Product owner - unknown product

Last post 07:00 am October 12, 2020
by Nicolette Cameron
8 replies
Author
Messages
10:14 am October 2, 2020

Hi all

I have been a product owner for a while for a product that I know inside out, because I used to be a 'super user' for this product.

I am looking at new opportunities and I was wondering: what are your experiences or tips for starting a new job as a product owner for a product that you don't yet know? So not a new product that still needs to be developed, but an existing one that is in use and needs to be continuously improved.

How do you go about getting to know the product? And in how much detail? Do you really need to be at that 'super user' level?

Regards

Nicolette

03:33 pm October 2, 2020

How do you go about getting to know the product? And in how much detail? Do you really need to be at that 'super user' level?

No, not really. Are you able to explain the vision for the product, and be truly accountable for how value ought to be maximized?

04:03 pm October 2, 2020

Have you had to collaborate as a Product Owner with other stakeholders in the past? e.g. other super users who have a different opinion to you, or users who had different needs from the product.

If so, how did you treat their feedback?

The balance will be different, but maybe you will be able to rely more on skills that you were only using occasionally in the past.

03:15 am October 3, 2020

No professional knowledge is required, but:
1. Organizational strategy and vision, strategy and vision extending to the product
2. Priority
3. Maximize the value of products from strategy and vision
4. Responsible for ROI

09:14 am October 5, 2020

Thanks all

Yes, I have definitely had to manage different stakehpolders' expectatons and priotitise to get maximum value.

But you still need to understand the product to explain implications of requirements and decisions, right?

07:42 pm October 5, 2020

But you still need to understand the product to explain implications of requirements and decisions, right?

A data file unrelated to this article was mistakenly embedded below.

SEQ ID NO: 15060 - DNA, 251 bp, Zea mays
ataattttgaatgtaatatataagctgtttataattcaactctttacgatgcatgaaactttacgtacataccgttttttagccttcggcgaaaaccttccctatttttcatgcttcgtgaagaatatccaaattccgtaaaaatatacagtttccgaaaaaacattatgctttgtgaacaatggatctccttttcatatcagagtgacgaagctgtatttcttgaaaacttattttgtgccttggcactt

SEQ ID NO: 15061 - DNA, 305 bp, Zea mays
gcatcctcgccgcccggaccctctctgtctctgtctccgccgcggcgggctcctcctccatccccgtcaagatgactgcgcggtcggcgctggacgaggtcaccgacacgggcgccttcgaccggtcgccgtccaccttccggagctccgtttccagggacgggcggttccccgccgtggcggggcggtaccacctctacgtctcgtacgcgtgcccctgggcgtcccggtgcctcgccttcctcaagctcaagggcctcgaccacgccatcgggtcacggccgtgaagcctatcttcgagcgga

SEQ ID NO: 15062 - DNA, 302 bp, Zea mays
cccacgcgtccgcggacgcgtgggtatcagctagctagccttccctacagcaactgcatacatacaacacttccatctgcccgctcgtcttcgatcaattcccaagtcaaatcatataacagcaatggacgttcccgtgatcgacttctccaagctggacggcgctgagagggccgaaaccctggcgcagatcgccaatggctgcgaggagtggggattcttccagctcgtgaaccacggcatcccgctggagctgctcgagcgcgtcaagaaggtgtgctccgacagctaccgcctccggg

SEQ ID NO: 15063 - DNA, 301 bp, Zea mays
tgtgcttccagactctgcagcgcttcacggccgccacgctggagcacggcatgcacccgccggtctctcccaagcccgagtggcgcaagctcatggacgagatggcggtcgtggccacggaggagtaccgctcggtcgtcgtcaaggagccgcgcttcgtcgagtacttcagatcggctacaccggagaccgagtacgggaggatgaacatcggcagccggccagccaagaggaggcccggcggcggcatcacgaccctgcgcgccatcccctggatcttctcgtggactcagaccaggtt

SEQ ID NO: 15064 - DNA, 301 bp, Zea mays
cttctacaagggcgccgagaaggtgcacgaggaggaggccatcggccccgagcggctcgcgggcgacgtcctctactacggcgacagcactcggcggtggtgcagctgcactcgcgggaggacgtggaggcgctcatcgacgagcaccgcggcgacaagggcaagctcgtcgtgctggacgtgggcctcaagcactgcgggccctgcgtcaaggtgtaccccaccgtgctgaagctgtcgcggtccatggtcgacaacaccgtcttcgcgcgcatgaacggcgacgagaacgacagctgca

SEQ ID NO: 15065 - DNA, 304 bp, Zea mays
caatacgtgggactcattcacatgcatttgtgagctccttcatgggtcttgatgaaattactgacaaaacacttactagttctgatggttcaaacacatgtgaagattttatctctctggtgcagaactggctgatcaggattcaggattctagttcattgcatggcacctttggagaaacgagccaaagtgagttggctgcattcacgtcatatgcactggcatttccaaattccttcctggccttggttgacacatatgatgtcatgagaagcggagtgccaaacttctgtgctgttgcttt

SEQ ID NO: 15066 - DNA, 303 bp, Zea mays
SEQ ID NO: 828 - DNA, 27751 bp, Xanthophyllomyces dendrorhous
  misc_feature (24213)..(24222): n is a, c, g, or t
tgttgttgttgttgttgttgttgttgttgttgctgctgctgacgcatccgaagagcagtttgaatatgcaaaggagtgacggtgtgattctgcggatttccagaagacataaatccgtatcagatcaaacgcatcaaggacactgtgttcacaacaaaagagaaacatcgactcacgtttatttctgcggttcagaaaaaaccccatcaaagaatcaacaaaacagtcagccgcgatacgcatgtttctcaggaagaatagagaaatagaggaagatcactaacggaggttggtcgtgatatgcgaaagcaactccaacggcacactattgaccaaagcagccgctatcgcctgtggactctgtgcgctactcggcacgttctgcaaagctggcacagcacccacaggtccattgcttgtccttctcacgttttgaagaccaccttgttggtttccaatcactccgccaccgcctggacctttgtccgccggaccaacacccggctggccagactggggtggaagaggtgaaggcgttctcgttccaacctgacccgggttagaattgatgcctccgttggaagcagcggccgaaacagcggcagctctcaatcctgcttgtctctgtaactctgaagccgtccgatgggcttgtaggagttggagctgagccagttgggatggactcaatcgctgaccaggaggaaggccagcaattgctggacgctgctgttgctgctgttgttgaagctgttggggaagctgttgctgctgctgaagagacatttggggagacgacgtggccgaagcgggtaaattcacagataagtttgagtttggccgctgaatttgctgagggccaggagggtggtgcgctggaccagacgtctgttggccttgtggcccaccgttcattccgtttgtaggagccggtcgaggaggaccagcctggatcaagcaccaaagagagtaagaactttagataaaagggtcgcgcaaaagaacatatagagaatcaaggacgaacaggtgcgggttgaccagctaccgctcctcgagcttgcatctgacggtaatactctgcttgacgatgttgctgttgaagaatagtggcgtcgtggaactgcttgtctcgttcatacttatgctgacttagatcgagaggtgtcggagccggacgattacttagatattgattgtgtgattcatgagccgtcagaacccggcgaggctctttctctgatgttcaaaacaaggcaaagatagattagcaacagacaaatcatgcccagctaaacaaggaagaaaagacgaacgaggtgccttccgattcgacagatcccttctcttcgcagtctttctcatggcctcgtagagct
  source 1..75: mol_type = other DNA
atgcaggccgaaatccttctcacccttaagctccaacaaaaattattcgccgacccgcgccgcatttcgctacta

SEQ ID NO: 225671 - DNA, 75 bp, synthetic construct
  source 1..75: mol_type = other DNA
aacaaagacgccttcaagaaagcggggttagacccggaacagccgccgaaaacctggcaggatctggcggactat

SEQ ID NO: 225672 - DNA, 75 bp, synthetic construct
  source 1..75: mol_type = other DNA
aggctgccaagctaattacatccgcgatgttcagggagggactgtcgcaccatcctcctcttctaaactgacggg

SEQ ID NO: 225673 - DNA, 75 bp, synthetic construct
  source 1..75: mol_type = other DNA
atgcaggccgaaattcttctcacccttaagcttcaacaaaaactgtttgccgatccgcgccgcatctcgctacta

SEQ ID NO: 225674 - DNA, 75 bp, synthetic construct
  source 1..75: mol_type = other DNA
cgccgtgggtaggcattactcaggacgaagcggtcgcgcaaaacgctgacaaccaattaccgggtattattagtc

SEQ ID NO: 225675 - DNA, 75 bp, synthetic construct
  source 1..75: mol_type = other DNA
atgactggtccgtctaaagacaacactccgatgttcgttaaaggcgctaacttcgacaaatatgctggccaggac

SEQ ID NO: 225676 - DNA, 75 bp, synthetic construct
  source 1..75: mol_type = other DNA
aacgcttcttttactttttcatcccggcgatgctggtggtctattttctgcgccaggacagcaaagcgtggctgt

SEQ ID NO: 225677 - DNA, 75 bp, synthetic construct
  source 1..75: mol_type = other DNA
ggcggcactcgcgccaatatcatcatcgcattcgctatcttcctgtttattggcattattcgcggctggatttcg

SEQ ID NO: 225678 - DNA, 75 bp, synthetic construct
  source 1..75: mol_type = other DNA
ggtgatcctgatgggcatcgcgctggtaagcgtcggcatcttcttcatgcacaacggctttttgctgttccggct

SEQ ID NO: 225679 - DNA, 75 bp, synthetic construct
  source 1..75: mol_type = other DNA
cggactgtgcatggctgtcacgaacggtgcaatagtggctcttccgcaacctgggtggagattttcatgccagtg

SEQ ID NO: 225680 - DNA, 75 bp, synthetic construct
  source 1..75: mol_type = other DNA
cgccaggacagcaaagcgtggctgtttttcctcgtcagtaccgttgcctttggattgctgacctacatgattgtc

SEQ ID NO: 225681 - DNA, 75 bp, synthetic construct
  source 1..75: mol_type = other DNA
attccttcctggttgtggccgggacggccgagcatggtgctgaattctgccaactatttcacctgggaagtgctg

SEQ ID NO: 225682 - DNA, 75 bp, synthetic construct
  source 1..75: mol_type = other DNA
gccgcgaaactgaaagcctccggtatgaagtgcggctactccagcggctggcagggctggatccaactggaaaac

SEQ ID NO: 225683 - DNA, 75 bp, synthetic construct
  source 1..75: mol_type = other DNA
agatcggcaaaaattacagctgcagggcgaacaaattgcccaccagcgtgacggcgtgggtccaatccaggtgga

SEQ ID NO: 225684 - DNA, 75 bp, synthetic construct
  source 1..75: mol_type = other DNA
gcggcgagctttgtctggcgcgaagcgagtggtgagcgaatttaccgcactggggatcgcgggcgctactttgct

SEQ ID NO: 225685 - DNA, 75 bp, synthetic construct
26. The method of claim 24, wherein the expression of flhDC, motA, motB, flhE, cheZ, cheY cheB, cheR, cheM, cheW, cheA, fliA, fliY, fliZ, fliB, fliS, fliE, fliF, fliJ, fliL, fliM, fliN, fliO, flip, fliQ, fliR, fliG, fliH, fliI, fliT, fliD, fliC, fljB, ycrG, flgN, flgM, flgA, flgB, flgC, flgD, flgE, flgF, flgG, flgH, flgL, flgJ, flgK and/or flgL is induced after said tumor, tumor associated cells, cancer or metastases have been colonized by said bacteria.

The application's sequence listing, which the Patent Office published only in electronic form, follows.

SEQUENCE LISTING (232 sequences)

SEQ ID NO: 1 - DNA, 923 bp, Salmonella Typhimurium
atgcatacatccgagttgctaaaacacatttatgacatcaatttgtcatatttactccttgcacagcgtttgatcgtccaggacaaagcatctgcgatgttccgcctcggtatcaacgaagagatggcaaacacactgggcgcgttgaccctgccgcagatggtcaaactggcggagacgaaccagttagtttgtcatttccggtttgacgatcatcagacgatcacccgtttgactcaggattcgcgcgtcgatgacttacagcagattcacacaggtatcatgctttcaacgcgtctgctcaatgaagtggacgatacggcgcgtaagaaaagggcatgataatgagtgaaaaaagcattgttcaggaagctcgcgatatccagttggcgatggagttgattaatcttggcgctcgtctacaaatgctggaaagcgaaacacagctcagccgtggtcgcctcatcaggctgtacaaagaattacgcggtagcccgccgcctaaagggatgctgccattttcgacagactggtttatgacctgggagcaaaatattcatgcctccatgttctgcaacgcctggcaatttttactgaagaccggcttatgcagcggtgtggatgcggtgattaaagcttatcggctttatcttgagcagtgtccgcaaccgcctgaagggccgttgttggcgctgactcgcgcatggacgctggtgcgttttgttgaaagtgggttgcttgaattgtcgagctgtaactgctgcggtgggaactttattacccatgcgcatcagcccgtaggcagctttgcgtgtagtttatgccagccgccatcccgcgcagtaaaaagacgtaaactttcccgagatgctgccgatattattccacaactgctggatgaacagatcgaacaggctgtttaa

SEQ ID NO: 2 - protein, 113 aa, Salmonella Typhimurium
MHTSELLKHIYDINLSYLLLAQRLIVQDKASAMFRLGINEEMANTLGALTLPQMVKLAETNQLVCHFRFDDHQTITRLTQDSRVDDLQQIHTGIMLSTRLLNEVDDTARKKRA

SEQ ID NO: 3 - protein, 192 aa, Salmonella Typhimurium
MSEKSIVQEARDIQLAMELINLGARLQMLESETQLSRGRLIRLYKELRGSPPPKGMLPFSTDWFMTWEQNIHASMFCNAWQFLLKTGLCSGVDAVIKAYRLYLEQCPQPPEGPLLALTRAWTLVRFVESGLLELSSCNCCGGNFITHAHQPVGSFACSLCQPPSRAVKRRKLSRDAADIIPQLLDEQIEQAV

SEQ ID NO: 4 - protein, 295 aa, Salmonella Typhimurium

This comes from the Scrum Guide section that describes the Product Owner. 

The Product Owner may do the above work, or have the Development Team do it. However, the Product Owner remains accountable.

Do you have the ability to convey the implications with the help of others?  Do you understand the product well enough to determine the needs of the stakeholders so that the product direction can be made visible? 

07:44 am October 8, 2020

Thanks Daniel

This is my question exactly - if you DON'T understand the product well enough to determine the needs of the stakeholders so that the product direction can be made visible, how do you go about that?

I can imagine you can go on a product training, you can do user tests to see how people use it (and why), you could maybe do a 'job shadow' of the people using the product if it is an internal application, you can fool around in a test environment, etc.

What has worked best for you?

05:05 pm October 8, 2020

This is my opinion and what has worked best for me in the past.  Your experience may be different and other techniques may work better for you. 

I learn what the customers want from a product first. Read what ever user research exists from the previous Product Owner.  Talk to your User Experience team.  Talk to your Sales organization to see what makes people want to use your product. Talk to the Customer Support organization if you have one. They will know what kind of questions or problems the current users face.  If there is a training course that your customers go through, you should also. Learn it as a customer first.  That will help you to approach your work from their perspective.

Then go to the team that supports it with specific questions such as "Many customers have said they want to be able to multi-select line items and do bulk changes.  Can you show me how to do that and if we can't explain to me why?".   That will gain you the most important knowledge the fastest.   The other intracacies of the product will come to you as you continue to work with it. 

I limit my contact with actual users until I have a better understanding of the product from the above activities. That will help me look less like a "newbie" and also help my confidence when I do talk to them. But none of the above will completely replace the need to talk to users directly.

And remember that you are not the only one that needs to or does know all of this.  Just as I have suggested many groups to consult with, you can continue to do that as you proceed as the Product Owner.  That quote from the Scrum Guide does not say "The Product Owner has to do all the work themselves". You may not know all of the answers but knowing people that can help you find them is extremely important. 

Good Luck.

07:00 am October 12, 2020

Thank you!!